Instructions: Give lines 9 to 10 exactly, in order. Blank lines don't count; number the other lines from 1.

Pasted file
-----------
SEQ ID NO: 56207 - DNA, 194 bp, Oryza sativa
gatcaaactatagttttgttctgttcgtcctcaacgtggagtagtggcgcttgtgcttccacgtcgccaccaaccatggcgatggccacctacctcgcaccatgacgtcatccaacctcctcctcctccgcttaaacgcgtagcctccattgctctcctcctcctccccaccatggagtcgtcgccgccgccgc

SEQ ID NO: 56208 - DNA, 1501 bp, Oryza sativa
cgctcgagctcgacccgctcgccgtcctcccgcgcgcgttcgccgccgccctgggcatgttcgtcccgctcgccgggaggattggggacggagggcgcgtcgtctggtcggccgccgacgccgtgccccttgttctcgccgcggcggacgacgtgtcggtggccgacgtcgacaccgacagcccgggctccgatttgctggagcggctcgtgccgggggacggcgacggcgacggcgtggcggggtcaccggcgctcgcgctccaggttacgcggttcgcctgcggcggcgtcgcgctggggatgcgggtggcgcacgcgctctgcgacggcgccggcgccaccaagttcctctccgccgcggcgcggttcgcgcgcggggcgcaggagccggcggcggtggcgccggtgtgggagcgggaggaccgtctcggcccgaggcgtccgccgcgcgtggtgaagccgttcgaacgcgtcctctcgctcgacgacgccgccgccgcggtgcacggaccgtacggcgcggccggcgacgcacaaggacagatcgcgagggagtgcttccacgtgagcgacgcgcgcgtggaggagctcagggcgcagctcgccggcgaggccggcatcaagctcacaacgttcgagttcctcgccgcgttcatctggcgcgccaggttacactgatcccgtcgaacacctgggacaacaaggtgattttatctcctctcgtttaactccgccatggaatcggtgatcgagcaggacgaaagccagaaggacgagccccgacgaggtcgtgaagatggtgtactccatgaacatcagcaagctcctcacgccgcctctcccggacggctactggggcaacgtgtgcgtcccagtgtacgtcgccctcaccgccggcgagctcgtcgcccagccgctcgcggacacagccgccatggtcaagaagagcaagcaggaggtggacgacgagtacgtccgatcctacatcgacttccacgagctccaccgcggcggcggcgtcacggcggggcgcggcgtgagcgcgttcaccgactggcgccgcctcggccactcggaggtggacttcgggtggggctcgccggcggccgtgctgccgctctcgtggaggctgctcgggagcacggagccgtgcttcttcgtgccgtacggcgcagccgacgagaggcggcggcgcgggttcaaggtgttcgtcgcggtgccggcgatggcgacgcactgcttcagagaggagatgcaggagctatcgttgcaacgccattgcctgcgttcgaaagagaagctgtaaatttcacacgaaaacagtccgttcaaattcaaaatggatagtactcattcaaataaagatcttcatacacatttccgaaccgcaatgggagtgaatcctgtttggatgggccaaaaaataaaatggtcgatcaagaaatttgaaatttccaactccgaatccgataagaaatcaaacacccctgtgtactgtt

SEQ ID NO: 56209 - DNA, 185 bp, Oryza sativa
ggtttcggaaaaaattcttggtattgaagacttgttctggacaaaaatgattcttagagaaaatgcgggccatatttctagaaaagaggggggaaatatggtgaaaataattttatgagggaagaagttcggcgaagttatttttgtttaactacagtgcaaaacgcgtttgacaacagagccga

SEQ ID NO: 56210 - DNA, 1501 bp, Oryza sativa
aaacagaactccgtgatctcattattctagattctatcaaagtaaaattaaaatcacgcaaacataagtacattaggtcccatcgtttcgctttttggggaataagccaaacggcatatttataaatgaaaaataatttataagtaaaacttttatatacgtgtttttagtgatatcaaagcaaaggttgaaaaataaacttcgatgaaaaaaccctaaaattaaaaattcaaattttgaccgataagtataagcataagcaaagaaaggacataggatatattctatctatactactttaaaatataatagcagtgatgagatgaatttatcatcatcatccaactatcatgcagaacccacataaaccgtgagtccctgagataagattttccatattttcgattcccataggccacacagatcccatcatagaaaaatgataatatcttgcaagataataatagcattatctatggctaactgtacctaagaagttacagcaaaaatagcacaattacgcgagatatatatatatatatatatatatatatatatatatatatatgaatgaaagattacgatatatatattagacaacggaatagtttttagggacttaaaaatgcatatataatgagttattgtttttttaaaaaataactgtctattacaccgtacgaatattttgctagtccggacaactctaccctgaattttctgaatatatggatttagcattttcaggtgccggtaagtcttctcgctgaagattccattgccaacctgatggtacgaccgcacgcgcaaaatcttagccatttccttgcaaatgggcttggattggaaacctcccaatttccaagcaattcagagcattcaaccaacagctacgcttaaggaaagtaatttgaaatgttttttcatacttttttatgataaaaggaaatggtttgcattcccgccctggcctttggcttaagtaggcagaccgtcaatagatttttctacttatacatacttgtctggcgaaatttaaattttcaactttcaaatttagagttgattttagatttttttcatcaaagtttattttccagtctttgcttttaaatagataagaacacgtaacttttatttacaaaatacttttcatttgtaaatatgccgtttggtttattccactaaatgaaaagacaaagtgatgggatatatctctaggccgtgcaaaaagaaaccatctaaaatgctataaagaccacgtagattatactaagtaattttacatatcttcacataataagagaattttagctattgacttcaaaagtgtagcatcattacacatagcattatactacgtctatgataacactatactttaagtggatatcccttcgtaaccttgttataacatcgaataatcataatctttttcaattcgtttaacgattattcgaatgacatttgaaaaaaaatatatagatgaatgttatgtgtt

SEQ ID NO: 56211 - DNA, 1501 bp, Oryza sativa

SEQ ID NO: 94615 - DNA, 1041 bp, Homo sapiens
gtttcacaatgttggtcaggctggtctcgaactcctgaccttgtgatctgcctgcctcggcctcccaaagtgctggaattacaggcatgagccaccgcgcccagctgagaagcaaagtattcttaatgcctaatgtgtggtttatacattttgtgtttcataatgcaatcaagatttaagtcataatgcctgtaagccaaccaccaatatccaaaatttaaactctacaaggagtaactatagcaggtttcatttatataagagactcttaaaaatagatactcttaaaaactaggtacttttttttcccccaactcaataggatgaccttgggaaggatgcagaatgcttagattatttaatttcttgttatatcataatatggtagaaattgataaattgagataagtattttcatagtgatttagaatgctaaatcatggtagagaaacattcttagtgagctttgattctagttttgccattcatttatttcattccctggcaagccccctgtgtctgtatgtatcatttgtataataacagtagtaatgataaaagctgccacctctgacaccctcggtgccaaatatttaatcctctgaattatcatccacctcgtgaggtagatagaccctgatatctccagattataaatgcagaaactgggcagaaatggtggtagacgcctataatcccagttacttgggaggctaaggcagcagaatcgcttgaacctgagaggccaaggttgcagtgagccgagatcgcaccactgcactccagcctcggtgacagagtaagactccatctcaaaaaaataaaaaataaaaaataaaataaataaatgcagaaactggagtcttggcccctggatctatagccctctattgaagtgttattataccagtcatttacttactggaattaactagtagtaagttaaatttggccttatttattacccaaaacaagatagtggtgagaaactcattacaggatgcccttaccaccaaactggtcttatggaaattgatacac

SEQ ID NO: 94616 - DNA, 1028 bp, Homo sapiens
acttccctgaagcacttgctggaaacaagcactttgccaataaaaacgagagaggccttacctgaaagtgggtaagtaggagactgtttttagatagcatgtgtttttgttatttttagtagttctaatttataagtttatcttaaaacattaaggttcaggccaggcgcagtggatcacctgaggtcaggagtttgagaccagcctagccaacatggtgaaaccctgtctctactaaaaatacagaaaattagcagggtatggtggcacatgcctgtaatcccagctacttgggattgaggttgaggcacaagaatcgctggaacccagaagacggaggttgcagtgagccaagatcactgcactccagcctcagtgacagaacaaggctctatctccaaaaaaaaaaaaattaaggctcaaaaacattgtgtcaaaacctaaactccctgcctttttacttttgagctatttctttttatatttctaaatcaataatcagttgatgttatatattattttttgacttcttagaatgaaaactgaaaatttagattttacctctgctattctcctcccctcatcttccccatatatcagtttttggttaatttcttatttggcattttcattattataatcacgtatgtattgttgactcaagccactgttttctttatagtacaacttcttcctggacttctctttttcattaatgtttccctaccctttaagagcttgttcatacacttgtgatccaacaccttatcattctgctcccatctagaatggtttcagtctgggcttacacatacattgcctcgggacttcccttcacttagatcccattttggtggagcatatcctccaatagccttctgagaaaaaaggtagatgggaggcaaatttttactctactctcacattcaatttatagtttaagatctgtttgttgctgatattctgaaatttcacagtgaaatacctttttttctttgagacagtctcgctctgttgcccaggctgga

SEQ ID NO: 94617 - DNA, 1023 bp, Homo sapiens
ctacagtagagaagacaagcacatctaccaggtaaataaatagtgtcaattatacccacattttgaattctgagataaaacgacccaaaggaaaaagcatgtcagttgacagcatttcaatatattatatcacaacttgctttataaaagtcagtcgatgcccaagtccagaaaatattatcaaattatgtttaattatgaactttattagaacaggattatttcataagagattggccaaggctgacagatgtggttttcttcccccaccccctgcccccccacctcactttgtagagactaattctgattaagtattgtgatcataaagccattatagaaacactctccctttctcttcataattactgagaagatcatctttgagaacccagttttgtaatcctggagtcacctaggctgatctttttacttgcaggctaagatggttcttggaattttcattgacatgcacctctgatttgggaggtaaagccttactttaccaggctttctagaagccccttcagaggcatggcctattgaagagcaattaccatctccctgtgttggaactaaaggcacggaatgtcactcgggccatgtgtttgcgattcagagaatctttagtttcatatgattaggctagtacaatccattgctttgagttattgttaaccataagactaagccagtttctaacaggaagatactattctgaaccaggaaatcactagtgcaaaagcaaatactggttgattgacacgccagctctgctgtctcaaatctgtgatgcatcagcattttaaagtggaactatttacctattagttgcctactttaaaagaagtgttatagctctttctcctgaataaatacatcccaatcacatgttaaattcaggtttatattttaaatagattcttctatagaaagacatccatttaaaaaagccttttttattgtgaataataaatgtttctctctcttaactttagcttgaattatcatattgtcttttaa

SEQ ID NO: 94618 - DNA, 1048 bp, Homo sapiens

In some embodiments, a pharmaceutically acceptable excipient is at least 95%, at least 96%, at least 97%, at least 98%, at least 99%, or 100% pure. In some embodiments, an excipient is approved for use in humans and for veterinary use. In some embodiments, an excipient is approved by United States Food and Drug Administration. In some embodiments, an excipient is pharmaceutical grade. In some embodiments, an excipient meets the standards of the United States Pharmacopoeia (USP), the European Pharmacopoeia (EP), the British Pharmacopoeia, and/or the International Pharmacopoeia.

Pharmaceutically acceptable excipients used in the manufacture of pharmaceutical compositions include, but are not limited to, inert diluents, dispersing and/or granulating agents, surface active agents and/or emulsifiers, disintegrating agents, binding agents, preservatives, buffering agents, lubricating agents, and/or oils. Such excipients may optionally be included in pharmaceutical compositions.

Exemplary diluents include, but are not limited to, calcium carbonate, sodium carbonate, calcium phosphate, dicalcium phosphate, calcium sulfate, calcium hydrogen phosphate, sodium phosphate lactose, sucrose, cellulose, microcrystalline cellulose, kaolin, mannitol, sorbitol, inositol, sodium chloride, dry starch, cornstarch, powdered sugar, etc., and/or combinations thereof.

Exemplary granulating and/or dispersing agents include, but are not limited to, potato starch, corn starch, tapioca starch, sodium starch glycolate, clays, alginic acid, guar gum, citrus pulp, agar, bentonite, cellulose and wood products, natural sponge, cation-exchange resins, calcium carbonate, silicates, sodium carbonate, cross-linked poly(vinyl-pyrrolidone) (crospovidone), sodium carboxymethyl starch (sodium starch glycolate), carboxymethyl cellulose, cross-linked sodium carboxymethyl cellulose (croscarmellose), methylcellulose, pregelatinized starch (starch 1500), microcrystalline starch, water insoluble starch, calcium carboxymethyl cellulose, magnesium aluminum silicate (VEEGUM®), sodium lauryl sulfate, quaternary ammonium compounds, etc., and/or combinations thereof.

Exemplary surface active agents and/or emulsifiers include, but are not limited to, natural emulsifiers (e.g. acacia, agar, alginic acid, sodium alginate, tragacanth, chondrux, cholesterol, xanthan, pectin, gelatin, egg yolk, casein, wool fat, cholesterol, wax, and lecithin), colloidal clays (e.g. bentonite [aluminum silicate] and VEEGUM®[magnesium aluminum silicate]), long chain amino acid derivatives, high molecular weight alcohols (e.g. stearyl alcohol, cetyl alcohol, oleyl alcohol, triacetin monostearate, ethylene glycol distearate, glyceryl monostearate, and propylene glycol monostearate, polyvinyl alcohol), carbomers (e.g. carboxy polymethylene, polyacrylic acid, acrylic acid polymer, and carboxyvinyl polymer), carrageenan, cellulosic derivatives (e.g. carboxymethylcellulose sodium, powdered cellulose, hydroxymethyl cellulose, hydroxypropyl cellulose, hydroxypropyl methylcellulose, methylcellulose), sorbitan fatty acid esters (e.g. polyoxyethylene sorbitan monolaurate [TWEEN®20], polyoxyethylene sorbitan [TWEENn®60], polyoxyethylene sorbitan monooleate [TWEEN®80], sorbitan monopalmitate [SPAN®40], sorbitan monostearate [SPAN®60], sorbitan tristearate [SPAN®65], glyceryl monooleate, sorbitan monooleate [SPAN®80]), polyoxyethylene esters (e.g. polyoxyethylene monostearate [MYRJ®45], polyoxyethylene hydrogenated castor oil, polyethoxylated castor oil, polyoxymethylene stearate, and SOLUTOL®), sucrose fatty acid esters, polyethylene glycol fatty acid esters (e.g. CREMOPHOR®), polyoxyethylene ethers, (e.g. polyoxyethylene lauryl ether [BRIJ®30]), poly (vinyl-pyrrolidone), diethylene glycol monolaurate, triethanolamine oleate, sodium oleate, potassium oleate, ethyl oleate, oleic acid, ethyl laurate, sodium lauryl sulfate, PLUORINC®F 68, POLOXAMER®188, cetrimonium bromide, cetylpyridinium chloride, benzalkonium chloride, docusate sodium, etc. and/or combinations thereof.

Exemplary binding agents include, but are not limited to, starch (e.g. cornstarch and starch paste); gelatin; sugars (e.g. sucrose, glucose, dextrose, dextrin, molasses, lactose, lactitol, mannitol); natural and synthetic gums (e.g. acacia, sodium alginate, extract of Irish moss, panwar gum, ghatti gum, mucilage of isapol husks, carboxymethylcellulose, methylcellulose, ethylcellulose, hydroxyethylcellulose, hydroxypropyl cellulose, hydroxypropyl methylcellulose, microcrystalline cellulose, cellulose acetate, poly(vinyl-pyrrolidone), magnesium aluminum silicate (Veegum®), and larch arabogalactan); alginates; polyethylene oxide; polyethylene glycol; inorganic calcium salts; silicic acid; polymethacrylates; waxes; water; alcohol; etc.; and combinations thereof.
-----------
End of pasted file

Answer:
SEQ ID NO: 56211 - DNA, 1501 bp, Oryza sativa

SEQ ID NO: 94615 - DNA, 1041 bp, Homo sapiens